Early on Sunday morning, June 22, 1975, a firefighter doused a smoldering flame in a barbecue pit at China Camp, a wooded area in Marin County, Calif.
Hunters sometimes roasted deer in those giant pits, so the firefighter assumed the bone fragments he spotted amid the ashes were probably animal remains.
More than a week would pass before the stomach-churning reality would come to light — the bone fragments were all that was left of a couple, James Olive, 59, and his wife, Naomi, 50, of Terra Linda, Calif.
The killings that would become known as the “Barbecue Murders” were committed a day earlier, on Saturday, June 21, 1975, by Charles Riley, 19, a 300-pound high-school dropout and local drug pusher.
But Riley did not work alone. His girlfriend had planned the killings and, he said, put a spell on him so he would carry out her plan.
The girlfriend was Marlene Olive, 16, the dead couple’s adopted daughter.
The Olives adopted Marlene as newborn in 1959. Marlene adored her father, but she and her mother were at war practically from the start, wrote Richard Levine in his 1982 book on the case, “Bad Blood.”
Always emotionally frail, Naomi had been showing signs of mental illness for years and, over time, descended into paranoid schizophrenia and alcoholism. The role of parent was too much for her.
When Marlene was 10, she stumbled upon her adoption papers. The discovery that Naomi was not her birth mother added to the family discord. Once, she startled her teacher and classmates by flatly declaring, “I hate my mother.”
Through the ’60s, Jim’s work kept the family living in Ecuador.
After a string of business failures there, the Olives moved to Terra Linda, where Jim started a consulting firm in 1973.
By the start of high school, Marlene had grown into a sullen teenager who wrote sad poems, told big lies, and lived in a weird fantasy world, where she imagined herself a witch.
Soon, she fell in with a rough crowd, and added shoplifting and taking drugs to her list of ways to pass the time when she wasn’t engaged in screaming bouts with her mother.
In 1974, Marlene was on a bad LSD trip when she met Riley, who had never had a girlfriend in his life.
Marlene, slim, pretty, deeply troubled, and an addict, plucked at his heartstrings. He wooed her with the kinds of little gifts and gestures sure to win a woman’s love — bouquets, sweets and drugs. In return, she allowed him to have sex with her.
She and Riley soon became a couple, and he was devoted to her. She would take him into stores, pick out expensive items she wanted, and he would steal them. No matter how bizarre Marlene’s demand, Riley was always willing to comply.
The first half of 1975 was a whirlwind of crimes, arrests, battles with her parents and drugs. Marlene seemed obsessed with two things in those days — witchcraft and killing her parents.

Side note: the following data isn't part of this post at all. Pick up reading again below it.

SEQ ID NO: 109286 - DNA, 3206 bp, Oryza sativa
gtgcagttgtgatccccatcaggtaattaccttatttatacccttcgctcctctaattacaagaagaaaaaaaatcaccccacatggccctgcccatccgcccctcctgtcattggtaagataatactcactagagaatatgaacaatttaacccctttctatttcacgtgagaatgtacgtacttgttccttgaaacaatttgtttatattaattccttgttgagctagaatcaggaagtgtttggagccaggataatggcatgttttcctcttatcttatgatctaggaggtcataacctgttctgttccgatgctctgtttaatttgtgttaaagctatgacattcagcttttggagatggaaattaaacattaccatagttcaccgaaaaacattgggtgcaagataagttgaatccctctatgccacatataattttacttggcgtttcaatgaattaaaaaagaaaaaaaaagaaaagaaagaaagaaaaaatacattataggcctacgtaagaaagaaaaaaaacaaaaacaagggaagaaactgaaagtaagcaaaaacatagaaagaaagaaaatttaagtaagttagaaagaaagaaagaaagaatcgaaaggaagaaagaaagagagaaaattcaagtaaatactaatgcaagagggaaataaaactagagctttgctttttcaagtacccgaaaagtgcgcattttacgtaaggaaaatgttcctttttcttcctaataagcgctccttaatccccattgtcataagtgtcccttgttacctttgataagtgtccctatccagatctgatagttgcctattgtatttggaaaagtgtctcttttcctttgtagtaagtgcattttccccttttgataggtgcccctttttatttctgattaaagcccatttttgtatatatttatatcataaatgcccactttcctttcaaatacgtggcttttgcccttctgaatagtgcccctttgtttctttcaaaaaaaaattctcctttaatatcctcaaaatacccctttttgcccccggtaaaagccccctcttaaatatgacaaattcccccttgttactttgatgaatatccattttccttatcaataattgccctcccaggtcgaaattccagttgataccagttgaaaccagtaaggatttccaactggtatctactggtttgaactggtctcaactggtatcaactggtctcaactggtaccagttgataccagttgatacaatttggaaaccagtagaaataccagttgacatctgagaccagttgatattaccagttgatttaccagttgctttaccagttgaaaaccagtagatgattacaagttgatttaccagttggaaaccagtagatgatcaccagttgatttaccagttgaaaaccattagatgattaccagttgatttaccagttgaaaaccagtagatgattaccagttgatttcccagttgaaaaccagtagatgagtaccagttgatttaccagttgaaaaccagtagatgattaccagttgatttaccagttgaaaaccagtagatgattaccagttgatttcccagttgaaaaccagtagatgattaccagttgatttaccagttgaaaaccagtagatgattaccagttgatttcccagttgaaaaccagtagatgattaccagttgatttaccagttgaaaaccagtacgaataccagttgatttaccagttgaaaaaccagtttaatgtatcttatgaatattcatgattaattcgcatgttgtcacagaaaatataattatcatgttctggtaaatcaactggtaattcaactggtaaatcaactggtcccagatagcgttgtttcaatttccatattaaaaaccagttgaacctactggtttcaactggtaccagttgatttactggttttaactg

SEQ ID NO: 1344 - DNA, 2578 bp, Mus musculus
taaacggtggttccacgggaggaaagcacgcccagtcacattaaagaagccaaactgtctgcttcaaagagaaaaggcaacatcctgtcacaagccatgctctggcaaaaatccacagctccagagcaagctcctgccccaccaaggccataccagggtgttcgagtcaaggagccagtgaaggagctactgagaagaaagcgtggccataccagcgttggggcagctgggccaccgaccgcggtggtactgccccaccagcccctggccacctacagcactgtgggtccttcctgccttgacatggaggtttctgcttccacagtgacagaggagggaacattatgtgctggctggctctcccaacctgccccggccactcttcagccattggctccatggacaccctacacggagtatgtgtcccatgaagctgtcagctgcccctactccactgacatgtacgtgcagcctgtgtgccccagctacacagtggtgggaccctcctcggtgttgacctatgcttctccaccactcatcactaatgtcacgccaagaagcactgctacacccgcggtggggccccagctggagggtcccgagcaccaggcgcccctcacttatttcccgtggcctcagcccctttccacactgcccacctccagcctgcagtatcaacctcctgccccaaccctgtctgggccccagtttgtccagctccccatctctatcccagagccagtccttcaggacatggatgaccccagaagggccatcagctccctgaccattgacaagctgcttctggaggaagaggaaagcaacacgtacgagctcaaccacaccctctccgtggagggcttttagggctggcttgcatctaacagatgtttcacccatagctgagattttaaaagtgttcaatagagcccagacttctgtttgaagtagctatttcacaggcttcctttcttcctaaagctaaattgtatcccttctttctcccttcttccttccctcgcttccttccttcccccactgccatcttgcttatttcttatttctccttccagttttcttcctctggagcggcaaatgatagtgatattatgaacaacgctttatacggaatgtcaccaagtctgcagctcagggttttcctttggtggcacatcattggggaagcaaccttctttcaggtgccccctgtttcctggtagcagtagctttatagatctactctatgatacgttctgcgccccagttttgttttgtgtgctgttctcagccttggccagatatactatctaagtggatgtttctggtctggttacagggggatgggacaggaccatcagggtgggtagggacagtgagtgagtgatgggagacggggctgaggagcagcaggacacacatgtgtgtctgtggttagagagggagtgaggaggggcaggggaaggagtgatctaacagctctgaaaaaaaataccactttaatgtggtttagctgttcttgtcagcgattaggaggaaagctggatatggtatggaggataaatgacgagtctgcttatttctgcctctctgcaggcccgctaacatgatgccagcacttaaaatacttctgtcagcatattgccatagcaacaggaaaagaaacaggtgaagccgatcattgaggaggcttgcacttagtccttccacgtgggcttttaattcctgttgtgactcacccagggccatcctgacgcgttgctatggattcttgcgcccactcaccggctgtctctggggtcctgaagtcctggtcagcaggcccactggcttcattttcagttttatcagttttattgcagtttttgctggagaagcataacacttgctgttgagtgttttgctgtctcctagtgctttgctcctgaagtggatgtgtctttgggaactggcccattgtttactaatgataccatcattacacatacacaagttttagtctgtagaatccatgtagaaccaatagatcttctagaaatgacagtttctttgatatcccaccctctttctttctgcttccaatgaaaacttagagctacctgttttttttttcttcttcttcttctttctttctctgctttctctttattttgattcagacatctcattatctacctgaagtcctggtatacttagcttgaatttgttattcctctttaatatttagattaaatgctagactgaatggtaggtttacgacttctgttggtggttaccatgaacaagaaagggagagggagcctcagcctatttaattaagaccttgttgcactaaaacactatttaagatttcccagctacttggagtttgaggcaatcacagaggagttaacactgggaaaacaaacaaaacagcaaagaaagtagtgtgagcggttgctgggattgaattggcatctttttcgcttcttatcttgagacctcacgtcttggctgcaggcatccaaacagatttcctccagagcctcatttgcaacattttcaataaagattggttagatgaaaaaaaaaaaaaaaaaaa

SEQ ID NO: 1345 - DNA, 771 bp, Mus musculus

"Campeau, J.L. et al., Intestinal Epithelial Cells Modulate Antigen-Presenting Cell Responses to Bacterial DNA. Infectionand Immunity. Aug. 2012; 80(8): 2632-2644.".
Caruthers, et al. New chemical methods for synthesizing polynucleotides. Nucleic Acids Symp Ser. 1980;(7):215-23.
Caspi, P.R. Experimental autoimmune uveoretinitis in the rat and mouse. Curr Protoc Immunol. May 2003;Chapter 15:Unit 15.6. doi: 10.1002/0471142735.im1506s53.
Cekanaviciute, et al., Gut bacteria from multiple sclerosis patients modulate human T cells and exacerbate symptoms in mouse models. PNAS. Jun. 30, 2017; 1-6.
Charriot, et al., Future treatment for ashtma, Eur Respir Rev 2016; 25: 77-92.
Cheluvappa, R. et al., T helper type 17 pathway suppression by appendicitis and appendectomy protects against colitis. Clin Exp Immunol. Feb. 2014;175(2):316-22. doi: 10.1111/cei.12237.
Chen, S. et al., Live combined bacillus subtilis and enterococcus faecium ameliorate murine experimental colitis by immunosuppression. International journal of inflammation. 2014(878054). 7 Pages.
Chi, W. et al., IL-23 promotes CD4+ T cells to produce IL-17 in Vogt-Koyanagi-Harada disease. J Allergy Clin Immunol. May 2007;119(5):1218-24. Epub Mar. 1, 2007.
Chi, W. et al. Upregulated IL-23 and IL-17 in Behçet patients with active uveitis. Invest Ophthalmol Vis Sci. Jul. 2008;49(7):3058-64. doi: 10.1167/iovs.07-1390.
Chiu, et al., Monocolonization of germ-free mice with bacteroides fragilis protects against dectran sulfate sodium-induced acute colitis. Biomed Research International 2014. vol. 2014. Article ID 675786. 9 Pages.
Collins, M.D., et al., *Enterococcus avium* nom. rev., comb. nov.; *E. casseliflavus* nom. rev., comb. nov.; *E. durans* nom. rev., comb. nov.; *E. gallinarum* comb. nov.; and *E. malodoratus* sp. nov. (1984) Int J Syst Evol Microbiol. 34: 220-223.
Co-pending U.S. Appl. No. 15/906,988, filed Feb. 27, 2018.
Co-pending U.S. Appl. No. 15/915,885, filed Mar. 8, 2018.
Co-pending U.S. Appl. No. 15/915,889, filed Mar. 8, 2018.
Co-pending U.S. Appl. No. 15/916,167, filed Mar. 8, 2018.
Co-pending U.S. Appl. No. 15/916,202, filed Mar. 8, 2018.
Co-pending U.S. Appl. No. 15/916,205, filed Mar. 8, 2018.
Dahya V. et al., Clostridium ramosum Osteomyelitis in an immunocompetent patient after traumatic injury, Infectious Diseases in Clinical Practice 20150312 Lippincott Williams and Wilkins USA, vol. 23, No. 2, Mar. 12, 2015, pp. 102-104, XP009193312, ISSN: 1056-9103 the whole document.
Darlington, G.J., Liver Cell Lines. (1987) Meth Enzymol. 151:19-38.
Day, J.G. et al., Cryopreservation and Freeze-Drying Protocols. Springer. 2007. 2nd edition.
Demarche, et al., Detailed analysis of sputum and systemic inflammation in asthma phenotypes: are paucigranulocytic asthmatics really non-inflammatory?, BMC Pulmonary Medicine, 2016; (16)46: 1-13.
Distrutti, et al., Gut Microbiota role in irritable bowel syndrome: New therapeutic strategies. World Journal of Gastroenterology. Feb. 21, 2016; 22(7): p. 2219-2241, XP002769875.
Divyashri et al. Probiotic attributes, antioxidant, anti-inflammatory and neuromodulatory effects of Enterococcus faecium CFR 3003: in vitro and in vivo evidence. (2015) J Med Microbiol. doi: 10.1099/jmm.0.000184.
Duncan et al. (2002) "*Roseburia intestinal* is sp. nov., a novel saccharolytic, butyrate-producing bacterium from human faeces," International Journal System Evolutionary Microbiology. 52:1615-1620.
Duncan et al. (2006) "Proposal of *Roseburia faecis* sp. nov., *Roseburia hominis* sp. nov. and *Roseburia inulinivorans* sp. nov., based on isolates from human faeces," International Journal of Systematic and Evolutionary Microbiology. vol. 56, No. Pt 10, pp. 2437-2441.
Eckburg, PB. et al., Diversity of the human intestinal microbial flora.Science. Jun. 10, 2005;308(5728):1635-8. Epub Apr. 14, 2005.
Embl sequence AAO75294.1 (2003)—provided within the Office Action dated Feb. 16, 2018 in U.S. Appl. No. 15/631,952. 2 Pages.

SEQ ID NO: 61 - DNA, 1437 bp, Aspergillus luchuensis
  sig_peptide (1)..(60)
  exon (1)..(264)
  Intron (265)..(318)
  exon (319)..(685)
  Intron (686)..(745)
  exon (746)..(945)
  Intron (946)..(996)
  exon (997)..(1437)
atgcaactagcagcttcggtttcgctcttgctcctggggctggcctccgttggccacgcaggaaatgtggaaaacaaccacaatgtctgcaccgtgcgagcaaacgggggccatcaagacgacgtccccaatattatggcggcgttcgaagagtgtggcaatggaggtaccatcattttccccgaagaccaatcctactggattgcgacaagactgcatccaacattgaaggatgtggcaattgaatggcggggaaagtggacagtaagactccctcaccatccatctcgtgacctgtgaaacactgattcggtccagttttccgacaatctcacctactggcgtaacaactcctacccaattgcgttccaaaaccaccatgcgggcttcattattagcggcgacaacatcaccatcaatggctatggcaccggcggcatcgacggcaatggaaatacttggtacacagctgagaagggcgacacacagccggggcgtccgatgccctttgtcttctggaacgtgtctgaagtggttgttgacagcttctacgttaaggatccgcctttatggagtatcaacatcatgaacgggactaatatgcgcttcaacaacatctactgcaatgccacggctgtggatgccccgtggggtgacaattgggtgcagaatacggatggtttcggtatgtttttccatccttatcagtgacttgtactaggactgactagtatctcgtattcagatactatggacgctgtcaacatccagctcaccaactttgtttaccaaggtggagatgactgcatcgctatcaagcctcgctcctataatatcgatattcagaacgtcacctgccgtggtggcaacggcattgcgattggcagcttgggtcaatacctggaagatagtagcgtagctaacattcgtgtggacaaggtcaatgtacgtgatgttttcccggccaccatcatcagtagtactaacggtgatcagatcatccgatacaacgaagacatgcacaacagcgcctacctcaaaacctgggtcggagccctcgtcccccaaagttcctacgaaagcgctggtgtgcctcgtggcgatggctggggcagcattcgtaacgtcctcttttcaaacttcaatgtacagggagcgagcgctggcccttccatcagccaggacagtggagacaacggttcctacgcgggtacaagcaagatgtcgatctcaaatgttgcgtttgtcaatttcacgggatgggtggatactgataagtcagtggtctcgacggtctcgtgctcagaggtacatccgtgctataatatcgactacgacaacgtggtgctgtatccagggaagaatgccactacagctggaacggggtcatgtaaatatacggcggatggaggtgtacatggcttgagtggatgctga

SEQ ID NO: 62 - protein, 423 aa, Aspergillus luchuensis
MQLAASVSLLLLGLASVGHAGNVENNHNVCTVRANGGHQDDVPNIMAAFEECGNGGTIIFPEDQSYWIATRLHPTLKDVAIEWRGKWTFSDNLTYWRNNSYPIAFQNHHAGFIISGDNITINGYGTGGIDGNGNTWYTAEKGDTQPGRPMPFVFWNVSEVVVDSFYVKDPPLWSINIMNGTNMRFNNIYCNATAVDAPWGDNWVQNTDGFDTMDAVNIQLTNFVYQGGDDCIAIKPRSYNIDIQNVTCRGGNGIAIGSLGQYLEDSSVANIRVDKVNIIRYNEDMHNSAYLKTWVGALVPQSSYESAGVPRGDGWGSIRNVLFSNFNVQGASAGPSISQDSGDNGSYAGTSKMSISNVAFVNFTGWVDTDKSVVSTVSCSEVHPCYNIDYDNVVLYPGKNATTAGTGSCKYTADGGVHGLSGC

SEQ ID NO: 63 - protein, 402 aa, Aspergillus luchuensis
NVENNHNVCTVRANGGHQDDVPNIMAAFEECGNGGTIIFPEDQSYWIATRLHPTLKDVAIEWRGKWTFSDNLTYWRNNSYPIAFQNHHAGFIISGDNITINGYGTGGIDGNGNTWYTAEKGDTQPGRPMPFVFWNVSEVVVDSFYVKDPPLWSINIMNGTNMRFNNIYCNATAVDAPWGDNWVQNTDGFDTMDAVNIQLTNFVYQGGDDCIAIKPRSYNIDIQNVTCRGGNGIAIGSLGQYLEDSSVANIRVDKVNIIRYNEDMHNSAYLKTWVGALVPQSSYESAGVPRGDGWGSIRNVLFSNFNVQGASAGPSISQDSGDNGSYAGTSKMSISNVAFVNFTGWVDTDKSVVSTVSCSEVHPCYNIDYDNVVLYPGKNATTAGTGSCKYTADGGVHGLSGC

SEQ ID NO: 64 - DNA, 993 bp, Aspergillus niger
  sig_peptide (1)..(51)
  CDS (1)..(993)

Charles Riley was given a death sentence after being convinced of murdering the Olives. It was later commuted to life.
By June, her crimes and misbehaviors provoked a threat from her father. He was going to ground her through the summer and send her to boarding school in the fall. He told Riley to stay away from his daughter, or else.
After another fight with her mom, Marlene called her boyfriend.
“We’ve got to kill that bitch today,” she said.
Marlene and her father were out shopping when Riley entered the Olive home and found Naomi asleep. He smashed her skull with a claw hammer, then stabbed and smothered her.
When Jim Olive returned to the bloody scene, Riley shot him.
Together, Marlene and her boyfriend wrapped the bodies in sheets, drove them to China Camp, about 20 minutes away, doused them with gasoline, and set them on fire. Then they returned to the Olive home, cleaned up the blood, and went about their lives, using her parents’ credit cards for parties, food and concerts.
A few days later, police got on the case after a business associate reported that Jim Olive had gone missing.
Riley confessed to the murders, although he later recanted part of what he told police. He first said that he had hit Naomi in the head with the claw hammer. Later he said that he found her with the hammer embedded in her skull but still alive so he stabbed her to put her out of her misery.
Defense attorneys brought in hypnotists in an attempt to show how easily a stronger character, like Marlene, could sway Riley’s mind.
The jury found him guilty of murdering both parents, and he was given a death sentence, which was later commuted to life.
Marlene, a minor, went off to a juvenile facility for two and half years, and, in October 1978, was transferred to a minimum-security center to await parole in two months.
Instead of hanging around the center until her release, she jumped a fence, dashed into a waiting car, and fled. New York police picked her up in July 1979, where she was working in a brothel, Levine wrote.
After that, she continued to pursue a life of crime.
In the 1980s, she was arrested at least seven times and sent to jail twice for forgery. In 1991, police called her the “queen of the trashers” in the San Fernando Valley for running an ID-counterfeiting ring that cheated businesses all over the region.
As late as 2003, newspapers reported that she had been arrested again for passing bad checks.